Manuel A. Vásquez, professor of religion at the University of Florida, discusses the findings of PRRI’s recent survey on immigration reform.
Welcome to the Morning Buzz, PRRI’s morning dose of religion-related news with a shot of data – because what doesn’t liven up a morning round-up like some public opinion numbers?
Dennis Rodman has announced plans to head up a basketball diplomacy event involving North Korea following his trip to Pyongyang, during which he spent time with his pal Kim Jong-un. Kim may be one of the world’s most repressive dictators, but hey, The Worm says he’s a great guy who’s just doing his job.
You can talk the talk, but you’d better not walk the walk in criticizing China’s government. A new study conducted by Harvard University social scientist Gary King finds Chinese censors are most likely to crack down on efforts to mobilize action, while they’re more inclined to let critiques of leaders and policies slide.
Nine-in-ten Chinese LGBT folks said in a recent survey that they haven’t come out at work, and fear of workplace discrimination is a top reason why. In the United States, 73 percent of people favor laws that would protect gay and lesbian people from job discrimination.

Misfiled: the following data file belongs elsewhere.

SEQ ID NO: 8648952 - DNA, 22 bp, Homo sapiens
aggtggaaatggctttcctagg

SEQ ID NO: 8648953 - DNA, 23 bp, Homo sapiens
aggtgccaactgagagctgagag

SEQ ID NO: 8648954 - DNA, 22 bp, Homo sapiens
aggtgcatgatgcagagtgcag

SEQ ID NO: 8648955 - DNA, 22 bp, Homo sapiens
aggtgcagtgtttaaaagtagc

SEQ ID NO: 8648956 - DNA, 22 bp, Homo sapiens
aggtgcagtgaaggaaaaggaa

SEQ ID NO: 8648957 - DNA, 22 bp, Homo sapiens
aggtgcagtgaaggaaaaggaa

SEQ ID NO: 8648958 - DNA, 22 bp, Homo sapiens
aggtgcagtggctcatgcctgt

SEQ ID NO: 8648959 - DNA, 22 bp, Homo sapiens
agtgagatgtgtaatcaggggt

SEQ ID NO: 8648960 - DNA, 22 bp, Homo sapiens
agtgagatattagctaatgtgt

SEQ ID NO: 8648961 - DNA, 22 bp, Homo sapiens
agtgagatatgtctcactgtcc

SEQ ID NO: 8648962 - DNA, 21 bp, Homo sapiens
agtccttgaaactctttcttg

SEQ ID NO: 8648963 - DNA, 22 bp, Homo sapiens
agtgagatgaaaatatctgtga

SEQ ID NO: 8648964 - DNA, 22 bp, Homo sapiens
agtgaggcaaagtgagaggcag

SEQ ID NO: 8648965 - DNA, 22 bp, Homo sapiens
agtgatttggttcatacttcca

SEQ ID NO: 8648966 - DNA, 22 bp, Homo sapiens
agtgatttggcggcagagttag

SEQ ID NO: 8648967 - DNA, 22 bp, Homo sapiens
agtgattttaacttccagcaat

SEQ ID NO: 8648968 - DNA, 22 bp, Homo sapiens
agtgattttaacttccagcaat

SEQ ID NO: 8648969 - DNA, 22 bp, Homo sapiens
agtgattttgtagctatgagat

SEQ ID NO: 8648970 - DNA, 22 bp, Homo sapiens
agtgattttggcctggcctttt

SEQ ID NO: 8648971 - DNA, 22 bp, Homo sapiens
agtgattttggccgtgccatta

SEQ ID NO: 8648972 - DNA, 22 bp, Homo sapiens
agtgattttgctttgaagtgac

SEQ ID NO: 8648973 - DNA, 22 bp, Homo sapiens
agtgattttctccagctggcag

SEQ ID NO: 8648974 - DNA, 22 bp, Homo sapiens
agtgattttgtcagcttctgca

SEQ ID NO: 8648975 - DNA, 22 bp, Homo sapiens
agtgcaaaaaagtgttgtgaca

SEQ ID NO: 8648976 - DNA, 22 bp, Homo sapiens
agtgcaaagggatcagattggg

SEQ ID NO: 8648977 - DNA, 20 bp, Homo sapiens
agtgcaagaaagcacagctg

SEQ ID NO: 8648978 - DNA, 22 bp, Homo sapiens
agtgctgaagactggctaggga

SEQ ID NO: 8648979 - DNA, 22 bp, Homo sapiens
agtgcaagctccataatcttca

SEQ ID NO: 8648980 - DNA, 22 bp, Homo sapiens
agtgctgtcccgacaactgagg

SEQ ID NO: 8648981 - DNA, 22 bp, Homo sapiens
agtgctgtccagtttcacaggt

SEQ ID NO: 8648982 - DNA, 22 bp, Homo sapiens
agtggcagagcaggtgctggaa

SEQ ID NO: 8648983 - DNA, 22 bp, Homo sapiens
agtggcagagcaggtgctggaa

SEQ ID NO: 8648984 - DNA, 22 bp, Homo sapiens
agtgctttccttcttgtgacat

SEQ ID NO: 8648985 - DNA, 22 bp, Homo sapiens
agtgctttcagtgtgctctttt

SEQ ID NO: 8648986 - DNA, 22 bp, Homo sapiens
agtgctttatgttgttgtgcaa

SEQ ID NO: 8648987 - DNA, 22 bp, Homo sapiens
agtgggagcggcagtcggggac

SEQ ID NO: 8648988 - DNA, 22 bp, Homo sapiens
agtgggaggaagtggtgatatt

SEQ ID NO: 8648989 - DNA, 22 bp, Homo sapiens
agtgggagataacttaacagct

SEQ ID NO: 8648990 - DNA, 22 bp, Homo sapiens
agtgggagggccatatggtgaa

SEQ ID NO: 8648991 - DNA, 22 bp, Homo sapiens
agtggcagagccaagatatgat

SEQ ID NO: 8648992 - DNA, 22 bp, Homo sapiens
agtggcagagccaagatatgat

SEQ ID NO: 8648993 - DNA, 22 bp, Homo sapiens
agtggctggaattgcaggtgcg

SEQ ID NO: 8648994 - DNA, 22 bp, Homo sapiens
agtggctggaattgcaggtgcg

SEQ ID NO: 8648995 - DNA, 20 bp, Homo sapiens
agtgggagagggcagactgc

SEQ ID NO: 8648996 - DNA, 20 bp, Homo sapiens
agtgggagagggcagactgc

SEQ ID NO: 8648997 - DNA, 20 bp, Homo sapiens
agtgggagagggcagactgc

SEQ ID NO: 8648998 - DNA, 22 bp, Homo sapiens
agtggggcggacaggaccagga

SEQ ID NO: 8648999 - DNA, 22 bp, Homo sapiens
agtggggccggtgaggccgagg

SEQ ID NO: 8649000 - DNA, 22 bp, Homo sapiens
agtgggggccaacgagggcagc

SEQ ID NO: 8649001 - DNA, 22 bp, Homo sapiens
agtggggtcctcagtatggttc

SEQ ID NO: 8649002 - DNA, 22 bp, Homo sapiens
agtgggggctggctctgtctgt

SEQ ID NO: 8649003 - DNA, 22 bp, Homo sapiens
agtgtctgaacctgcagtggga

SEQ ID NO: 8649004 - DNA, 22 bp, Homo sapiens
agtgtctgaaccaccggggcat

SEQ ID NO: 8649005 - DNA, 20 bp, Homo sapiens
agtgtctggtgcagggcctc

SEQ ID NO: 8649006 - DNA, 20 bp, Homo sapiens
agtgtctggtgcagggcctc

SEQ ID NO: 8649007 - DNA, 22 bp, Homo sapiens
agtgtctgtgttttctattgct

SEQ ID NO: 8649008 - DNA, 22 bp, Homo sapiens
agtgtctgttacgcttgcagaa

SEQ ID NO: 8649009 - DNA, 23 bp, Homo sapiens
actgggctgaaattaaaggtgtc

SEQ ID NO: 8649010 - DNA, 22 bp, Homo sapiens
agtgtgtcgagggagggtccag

The U.S. Conference of Catholic Bishops is leading a nationwide effort to show lawmakers that the Catholic community supports immigration reform that includes a path to citizenship for people currently living in the United States undocumented. A majority (65 percent) of Catholics support the immigration system allowing a way for immigrants currently living in the United States illegally to become citizens provided they meet certain requirements, including 62 percent of white Catholics and 74 percent of Hispanic Catholics. Interestingly, the biblical example of welcoming the stranger is not the main reason Catholics support the path to citizenship, with only 47 percent of Catholics saying that following this example should be a very or extremely important moral guide to immigration reform.
Pope Francis is continuing to encourage world leaders to avoid taking military action in Syria, as he calls Catholics around the world to fast and pray for peace in the country. Perhaps it’s working — a possible new solution surfaced yesterday when Syrian leaders indicated a willingness to hand over their chemical weapons. Be sure to check out The Atlantic’s latest piece exploring the reasons behind the international community’s ban on chemical weapons.
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